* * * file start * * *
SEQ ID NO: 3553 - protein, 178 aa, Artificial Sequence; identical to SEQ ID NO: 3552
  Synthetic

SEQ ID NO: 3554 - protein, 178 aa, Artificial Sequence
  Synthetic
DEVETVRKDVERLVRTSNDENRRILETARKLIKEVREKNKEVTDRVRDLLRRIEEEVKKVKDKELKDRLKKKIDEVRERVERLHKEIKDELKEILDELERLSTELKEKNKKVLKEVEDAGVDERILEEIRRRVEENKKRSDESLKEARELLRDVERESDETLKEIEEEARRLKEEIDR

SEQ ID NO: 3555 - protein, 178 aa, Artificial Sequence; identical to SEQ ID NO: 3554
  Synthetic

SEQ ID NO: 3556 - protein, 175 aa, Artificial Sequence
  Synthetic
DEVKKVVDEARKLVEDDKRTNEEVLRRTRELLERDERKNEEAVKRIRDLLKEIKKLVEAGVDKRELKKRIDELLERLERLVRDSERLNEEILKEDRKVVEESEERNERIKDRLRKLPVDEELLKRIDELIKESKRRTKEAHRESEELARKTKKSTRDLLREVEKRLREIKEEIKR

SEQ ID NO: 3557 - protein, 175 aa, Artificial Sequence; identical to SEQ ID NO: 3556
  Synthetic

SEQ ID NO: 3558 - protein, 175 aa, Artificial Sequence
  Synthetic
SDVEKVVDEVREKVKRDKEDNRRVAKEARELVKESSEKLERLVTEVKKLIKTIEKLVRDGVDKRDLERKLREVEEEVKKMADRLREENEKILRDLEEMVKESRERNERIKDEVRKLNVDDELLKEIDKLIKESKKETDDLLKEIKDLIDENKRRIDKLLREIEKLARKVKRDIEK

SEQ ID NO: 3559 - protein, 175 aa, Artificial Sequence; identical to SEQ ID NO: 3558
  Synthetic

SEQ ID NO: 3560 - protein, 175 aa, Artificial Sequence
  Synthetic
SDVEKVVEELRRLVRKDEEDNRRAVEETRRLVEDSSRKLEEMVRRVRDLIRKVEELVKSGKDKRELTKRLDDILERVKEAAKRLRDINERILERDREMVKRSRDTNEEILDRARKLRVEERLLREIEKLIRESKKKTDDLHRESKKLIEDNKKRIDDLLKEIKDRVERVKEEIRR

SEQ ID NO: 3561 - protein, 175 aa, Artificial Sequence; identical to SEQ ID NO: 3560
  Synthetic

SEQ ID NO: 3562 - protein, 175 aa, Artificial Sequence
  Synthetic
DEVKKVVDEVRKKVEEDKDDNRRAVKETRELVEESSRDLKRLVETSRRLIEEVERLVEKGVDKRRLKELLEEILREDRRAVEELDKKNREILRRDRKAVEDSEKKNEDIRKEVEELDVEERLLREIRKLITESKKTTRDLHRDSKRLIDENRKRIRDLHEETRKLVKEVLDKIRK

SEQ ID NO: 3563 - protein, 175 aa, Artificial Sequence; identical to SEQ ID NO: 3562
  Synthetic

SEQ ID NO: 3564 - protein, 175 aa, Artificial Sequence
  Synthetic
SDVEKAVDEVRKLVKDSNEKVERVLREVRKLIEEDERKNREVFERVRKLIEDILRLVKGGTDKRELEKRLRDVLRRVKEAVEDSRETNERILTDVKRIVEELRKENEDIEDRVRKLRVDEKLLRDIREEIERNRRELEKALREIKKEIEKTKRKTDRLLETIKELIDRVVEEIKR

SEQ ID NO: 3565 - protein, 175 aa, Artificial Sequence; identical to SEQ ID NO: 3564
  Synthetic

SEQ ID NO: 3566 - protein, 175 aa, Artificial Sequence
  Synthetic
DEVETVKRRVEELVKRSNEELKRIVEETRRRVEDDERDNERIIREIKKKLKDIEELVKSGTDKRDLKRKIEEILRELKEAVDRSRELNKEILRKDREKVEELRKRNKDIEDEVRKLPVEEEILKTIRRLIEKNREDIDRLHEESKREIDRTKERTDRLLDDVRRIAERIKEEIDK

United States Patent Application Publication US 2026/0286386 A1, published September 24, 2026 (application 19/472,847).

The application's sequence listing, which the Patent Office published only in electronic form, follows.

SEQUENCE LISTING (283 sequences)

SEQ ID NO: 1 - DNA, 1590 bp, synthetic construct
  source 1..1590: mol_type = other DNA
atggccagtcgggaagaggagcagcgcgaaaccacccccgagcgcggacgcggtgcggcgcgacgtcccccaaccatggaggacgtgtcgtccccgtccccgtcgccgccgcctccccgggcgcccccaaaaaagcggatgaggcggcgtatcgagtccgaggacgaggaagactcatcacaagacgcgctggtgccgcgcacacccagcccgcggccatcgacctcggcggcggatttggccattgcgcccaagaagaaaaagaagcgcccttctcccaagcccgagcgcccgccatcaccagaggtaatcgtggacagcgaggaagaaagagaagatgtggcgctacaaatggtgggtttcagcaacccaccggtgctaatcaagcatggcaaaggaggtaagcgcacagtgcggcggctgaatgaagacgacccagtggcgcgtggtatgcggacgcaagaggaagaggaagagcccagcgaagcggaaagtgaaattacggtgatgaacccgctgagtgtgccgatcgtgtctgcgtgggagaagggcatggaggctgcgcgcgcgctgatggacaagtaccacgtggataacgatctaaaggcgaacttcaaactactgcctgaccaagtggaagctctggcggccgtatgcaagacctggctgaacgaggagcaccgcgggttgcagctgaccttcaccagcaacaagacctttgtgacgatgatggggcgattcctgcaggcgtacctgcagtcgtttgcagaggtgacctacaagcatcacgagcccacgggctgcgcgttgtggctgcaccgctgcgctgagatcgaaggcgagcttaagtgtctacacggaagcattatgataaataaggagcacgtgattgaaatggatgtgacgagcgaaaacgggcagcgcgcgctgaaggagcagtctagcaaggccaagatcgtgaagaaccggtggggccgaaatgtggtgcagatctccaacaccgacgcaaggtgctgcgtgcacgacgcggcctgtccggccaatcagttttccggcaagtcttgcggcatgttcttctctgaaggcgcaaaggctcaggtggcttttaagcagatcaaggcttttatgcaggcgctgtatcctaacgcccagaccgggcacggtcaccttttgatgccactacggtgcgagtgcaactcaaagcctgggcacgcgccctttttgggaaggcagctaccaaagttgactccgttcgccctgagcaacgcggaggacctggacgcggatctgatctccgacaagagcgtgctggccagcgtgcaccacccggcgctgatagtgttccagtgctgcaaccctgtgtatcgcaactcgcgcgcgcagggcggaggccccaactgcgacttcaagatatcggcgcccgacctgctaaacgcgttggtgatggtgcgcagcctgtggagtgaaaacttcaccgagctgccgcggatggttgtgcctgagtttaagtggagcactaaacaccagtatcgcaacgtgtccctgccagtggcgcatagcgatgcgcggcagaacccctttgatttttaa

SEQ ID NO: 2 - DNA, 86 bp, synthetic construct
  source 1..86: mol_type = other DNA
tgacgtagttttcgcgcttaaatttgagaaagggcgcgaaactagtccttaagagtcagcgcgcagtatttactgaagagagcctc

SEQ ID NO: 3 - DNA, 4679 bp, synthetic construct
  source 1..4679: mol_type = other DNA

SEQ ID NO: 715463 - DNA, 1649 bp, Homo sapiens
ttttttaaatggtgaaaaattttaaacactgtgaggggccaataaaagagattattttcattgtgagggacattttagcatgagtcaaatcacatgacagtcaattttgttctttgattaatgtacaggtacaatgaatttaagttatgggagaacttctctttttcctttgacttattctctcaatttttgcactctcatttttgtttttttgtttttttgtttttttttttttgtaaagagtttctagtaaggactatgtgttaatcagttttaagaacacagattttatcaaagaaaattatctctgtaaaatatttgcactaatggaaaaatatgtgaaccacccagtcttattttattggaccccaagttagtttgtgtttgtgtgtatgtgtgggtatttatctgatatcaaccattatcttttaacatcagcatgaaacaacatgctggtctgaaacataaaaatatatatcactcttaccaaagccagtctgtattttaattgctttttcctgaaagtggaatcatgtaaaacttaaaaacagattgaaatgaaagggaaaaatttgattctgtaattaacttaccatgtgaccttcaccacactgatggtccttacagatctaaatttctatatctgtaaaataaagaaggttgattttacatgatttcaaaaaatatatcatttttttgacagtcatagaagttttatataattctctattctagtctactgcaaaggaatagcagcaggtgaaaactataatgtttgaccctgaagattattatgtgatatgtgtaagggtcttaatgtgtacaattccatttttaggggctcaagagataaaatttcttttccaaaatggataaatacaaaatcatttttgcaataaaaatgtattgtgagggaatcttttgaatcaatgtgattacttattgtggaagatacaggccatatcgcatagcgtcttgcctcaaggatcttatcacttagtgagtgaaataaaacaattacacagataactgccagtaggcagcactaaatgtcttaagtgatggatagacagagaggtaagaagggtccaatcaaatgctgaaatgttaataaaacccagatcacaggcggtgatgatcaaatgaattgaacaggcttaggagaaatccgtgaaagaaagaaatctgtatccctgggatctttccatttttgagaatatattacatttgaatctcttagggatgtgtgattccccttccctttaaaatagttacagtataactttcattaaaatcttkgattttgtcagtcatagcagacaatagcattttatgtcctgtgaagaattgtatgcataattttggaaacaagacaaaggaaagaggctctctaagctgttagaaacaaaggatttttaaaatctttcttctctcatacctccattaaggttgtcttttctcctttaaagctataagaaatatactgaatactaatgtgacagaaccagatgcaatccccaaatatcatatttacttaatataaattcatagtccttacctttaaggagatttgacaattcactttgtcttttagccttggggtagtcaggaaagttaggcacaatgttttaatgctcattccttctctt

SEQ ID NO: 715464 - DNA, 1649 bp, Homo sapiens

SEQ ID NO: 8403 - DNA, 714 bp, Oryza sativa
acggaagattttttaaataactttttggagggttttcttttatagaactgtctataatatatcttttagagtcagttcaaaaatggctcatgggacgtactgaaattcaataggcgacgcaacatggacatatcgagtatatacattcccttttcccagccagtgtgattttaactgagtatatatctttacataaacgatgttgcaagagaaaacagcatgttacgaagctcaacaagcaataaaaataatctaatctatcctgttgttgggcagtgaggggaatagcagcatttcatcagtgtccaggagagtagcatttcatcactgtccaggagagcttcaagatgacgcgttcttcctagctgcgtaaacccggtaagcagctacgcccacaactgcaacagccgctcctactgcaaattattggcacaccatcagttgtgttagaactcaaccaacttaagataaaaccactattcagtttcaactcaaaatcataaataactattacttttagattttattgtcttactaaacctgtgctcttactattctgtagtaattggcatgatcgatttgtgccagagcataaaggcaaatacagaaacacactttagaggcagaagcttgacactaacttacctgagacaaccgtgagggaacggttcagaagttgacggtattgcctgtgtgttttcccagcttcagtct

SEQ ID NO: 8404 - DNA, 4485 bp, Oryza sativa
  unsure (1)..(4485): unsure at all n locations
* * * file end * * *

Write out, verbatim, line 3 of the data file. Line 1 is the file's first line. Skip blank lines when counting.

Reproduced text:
SEQ ID NO: 3554 - protein, 178 aa, Artificial Sequence